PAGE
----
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Being, Having, and Doing: The Metaphysics of Disease

22 Nov

Several years ago, I had an acquaintance who had previously been diagnosed with diabetes. He began a low carb diet, against the advice of his doctor, (this was in the dark 90’s), and over a period of time his symptoms abated, until one day his doctor announced that he no longer had diabetes (though in a bizarre, but perhaps common feat of cognitive dissonance, she could not help but advise him that he “really should eat more carbs”). Of course, my friend hadn’t actually stopped being a diabetic. If he were to have started eating carbs again, as recommended, he would quickly have returned to his diabetic state. What it means to “be” a diabetic is to have the susceptibility to manifest diabetes under the right, or perhaps I should say wrong, circumstances.

We all have weaknesses, to a greater or lesser extent. We all have our own special ways in which our bodies break down in response to a poor environment. For some diseases, we call this “being”. We “are” diabetic, epileptic, alcoholic, schizophrenic. For some reason, we identify less with other diseases. A person merely “has” cancer, heart disease, Alzheimer’s, or MS, even though these are not considered less permanent conditions once identified, even if they can go into remission. It does seem somewhat arbitrary that a person who was theretofore “normal” suddenly becomes or acquires a disease that they then are or have for the rest of their lives regardless of whether the disease continues to manifest. There may be a sense in which we are all diabetic, for example, even never having had symptoms. We all have the potential to some degree, no matter how small, and just because the degree is not yet known, it doesn’t make it not so.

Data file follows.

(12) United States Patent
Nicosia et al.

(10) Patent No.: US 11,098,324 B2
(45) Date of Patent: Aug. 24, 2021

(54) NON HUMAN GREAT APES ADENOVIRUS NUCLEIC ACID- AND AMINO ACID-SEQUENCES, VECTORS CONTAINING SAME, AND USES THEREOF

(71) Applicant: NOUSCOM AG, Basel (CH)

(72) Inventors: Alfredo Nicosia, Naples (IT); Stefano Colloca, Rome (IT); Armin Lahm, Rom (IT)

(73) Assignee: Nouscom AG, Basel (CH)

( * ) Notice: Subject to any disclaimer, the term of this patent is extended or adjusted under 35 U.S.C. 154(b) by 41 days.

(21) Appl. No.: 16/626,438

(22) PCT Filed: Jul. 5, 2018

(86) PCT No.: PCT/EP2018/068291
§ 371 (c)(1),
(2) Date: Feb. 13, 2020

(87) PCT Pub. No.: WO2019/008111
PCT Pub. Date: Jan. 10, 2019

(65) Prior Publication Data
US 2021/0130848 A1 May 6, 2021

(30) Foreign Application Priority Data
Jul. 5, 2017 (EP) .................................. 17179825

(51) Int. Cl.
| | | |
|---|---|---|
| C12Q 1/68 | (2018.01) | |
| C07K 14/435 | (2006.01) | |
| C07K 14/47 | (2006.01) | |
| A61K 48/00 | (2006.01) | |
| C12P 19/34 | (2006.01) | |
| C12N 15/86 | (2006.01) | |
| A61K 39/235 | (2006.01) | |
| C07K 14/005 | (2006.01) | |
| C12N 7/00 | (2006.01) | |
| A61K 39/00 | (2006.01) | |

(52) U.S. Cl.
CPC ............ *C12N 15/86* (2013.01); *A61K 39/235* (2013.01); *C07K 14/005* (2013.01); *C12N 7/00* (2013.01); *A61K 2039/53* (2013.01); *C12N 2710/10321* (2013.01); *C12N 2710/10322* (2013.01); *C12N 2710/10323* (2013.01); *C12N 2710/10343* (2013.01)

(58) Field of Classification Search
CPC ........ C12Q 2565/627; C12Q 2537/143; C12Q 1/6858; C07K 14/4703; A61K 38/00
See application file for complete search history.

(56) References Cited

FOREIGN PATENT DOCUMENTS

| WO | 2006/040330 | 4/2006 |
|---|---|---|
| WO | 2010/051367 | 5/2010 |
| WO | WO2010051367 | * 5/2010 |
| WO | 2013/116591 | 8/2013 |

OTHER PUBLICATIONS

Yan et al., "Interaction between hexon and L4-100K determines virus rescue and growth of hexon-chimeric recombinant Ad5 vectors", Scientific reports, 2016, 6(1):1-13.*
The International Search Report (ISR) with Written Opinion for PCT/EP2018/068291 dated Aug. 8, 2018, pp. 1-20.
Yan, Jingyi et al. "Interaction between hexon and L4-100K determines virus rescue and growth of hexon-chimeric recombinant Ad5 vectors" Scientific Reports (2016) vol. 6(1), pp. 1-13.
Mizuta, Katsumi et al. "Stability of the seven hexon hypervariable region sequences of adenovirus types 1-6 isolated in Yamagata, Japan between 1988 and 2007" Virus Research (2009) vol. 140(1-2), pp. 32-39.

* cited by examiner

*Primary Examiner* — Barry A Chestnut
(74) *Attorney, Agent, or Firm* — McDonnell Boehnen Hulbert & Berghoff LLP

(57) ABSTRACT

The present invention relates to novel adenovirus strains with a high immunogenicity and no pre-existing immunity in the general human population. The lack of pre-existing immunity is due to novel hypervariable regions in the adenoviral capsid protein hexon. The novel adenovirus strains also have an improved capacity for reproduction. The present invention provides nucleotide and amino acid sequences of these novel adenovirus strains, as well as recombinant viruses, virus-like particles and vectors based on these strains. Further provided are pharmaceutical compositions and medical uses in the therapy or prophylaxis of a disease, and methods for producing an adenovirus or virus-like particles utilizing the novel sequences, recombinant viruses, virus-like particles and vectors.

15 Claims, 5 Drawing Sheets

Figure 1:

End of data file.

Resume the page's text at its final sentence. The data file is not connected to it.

In any case, what truly matters to a person who is or has or happens to know they have a genetic predisposition to such a condition, is whether or not their body is doing that which characterizes the disease. It is for this reason that one would seek to optimize their environment: to prevent themselves from “doing” a disease state. The Paleo diet and lifestyle is conceived with this in mind. It is reasoned both from an evolutionary standpoint: eat only that kind of food to which the body is well-adapted; and from a clinical perspective: do not eat foods which tend to cause disease. Without seeking to re-enact the environment in which we evolved — an impossible, and not particularly desirable goal (civilization does have some benefits) — one attempts to create a metabolic environment which is maximally healthful, and to which we do not tend to respond by breaking down in our various ways.

For my part, I am a fat person living in a reasonably fit body. (Fat is one of those rare states that we treat linguistically as transient, even though the obese, pre-obese, and post-obese have a signature metabolic profile such that a formerly fat person is not the same as a naturally thin one. This contributes to the blaming of fat people for their condition that would never be tolerated for other diseases.) I have Bipolar II, but for some years now my moods have no longer been disordered, and I use no medication. I wasn’t able to achieve this with a diet that is “just” Paleo, however, or even just low in carbohydrate. My body continues to do fat and bipolar unless I eat nothing but meat (though coffee and tea are mercifully tolerated). No doubt, there are people for whom even this is not enough, and others for whom it is not necessary. My idiosyncratic susceptibilities are simply deeper than most. However, I consider it likely that a great many people will do without disease simply by following a Paleo or low carb diet, or both. If nothing else, they are starting points that make sense for anyone wishing to give their body the best chance to manifest wholeness and well-being, whatever its underlying constitution may be.